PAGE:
THE FACTS ON UNIVERSITY ATTRITION: EXPERT REPORT TO GOVERNMENT
Media coverage of university attrition rates has been ‘unnecessarily alarmist’ and claims of a ‘crisis’ are not borne out by the facts, a new Government-commissioned discussion paper has found.
The paper by the Higher Education Standards Panel rejects suggestions that attrition rates are due to poor admission standards or students entering on low Australian Tertiary Admission Ranks.
“Common reasons cited for withdrawal are personal, including physical or mental health issues, financial pressures and other reasons often beyond institutional control,” the paper notes.
Universities Australia Chief Executive Belinda Robinson said the paper was further evidence that claims about university attrition rates had been overblown.
“After reviewing the evidence, it concludes yet again that students with the highest attrition rates are those most likely to be juggling university with jobs or caring for their families. That’s particularly true for students who are mature age, part-time or studying online,” Ms Robinson said.
“Universities are always looking at how best to support students to stay on and complete a degree – and we will work with the panel to explore how we can be even more effective,” she said.
“But it’s also important to note that the factors that lead most students to consider leaving their studies are often beyond the control of a university. This highlights the problem with attempting to tie funding to metrics like attrition rates. You’d potentially penalise the universities that serve students who have the greatest challenges to complete a degree.”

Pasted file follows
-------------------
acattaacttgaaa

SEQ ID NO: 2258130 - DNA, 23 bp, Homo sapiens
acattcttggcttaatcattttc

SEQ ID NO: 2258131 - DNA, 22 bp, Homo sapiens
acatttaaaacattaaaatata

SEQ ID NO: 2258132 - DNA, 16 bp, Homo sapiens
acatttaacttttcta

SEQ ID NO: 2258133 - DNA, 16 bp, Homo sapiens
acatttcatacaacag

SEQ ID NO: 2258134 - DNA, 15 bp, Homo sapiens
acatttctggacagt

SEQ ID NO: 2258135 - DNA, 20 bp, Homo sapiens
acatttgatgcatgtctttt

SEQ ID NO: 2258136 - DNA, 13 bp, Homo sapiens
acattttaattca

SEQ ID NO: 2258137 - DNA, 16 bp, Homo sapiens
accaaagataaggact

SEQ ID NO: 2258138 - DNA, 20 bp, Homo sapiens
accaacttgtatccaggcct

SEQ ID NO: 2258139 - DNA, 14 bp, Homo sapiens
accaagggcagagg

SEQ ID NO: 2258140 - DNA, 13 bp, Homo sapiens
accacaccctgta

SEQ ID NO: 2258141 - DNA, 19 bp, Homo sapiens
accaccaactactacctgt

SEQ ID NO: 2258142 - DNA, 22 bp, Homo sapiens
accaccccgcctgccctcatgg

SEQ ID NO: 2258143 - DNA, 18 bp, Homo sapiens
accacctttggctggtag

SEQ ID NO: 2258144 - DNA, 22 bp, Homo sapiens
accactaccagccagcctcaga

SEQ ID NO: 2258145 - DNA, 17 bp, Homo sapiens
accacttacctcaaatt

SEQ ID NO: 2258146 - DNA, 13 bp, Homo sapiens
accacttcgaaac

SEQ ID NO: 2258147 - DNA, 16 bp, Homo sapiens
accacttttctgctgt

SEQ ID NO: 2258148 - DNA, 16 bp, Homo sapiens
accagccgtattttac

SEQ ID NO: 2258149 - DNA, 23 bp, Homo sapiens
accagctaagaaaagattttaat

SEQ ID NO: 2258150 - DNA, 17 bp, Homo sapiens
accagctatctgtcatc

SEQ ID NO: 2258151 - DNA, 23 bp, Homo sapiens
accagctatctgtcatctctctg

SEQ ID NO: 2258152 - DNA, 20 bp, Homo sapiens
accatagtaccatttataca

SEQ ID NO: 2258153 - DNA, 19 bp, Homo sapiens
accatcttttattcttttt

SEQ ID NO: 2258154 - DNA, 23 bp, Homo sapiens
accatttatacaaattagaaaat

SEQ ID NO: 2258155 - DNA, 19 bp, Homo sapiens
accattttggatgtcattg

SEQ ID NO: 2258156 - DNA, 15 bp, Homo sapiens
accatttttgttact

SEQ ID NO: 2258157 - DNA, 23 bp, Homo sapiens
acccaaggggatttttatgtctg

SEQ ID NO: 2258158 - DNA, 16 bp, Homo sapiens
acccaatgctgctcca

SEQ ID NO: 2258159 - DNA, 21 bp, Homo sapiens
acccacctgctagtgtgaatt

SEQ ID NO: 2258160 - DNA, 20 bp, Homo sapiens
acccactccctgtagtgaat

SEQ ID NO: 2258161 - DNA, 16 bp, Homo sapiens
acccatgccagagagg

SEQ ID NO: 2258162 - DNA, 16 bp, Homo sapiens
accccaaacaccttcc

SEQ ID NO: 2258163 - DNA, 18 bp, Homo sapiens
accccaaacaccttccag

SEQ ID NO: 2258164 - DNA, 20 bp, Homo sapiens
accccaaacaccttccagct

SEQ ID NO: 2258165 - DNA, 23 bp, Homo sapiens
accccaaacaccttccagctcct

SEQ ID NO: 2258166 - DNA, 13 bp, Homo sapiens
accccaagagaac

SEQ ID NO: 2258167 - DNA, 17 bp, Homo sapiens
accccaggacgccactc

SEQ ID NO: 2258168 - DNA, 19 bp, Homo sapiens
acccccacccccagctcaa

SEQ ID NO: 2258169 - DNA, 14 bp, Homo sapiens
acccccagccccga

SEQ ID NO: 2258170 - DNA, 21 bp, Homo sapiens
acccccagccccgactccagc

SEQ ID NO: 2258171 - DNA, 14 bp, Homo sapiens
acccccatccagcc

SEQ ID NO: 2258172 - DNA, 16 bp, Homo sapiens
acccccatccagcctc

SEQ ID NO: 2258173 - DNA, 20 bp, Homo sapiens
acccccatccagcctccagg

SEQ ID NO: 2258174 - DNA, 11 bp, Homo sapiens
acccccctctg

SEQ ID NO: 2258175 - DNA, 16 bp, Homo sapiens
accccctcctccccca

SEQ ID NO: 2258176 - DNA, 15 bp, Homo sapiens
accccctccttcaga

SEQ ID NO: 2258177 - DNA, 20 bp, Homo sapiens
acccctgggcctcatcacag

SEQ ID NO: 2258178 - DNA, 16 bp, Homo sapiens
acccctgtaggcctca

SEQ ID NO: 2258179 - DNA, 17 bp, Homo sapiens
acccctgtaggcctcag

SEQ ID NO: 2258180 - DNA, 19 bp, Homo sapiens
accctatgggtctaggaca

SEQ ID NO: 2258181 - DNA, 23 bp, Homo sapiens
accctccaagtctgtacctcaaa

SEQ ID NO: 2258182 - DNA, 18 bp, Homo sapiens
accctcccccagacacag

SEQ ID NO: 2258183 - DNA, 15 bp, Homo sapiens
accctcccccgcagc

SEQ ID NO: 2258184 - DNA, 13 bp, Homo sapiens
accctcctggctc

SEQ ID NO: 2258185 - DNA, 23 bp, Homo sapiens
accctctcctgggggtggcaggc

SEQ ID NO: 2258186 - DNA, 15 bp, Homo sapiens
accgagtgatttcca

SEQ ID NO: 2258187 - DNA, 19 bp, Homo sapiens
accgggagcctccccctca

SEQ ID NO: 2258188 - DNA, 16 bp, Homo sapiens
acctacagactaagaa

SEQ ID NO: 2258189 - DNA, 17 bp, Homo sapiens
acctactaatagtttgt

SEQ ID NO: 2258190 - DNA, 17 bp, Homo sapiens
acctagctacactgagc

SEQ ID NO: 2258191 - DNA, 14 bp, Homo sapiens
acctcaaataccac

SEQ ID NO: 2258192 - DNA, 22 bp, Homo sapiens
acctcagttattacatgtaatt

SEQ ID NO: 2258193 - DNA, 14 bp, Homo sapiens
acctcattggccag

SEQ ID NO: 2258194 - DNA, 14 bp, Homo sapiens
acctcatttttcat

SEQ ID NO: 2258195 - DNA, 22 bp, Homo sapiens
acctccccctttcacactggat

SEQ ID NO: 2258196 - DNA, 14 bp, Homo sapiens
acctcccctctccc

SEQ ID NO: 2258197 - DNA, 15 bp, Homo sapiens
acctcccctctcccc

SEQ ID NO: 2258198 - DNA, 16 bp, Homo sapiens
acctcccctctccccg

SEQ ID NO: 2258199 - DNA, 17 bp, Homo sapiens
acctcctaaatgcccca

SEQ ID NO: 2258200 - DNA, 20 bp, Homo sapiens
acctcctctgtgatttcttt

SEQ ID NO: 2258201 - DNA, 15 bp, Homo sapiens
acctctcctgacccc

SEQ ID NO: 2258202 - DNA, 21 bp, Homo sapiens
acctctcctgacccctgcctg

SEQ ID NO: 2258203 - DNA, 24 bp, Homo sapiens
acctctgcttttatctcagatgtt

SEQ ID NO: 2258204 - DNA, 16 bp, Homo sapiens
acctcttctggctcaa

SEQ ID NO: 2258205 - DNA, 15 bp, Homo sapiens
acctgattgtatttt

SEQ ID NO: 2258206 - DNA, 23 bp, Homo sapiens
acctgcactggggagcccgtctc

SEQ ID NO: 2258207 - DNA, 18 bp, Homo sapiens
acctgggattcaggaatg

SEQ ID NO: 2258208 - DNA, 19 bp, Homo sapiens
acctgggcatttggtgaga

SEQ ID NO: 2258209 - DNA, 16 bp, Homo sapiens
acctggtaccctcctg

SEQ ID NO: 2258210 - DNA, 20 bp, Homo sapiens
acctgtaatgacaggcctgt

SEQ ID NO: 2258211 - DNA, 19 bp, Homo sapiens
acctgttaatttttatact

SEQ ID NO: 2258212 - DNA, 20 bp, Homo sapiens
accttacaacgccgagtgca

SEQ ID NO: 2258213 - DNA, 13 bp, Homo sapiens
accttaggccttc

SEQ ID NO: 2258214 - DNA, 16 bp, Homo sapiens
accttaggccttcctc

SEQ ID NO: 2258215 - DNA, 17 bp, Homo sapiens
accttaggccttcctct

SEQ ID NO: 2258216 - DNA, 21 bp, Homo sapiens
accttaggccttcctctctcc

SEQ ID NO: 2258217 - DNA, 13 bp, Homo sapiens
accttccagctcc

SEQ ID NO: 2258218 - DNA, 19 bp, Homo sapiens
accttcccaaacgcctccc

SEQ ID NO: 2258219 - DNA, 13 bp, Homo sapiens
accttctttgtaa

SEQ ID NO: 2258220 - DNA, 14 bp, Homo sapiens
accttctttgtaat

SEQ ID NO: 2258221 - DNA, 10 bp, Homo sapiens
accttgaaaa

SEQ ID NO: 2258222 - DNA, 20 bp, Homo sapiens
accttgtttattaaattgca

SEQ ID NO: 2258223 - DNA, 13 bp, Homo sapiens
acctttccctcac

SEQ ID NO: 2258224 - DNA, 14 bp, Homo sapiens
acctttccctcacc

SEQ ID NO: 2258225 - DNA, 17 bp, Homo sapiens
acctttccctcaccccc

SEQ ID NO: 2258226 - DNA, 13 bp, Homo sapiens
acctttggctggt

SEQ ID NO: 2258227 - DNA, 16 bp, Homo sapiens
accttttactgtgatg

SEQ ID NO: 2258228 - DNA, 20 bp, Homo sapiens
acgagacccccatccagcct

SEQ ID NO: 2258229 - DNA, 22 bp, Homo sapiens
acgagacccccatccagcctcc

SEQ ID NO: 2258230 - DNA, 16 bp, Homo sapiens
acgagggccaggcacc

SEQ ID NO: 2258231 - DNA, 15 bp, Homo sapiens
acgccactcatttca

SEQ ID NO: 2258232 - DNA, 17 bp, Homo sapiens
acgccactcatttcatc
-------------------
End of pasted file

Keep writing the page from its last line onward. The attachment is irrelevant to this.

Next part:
The paper notes that the overall attrition rate of 15 per cent for Australian universities is the same as it was in 2005.
“That is a real accomplishment. Since the uncapping of student places, we have seen a huge increase in the number of university students, and rapid growth in the number of students from disadvantaged backgrounds, but the attrition rate is at the same level it was a decade ago,” Ms Robinson said.
The discussion paper suggests collecting better data to understand in more detail the factors driving attrition.
“There’s strong merit in that idea and it’s one we have proposed. It’s by understanding even more about the students most at risk of attrition that we will continue to build on a very strong track record here in Australia.”
Education Minister Simon Birmingham asked the panel late last year to examine factors driving completion and attrition rates in late 2016.
Its final report on attrition will be sent to Government later this year.
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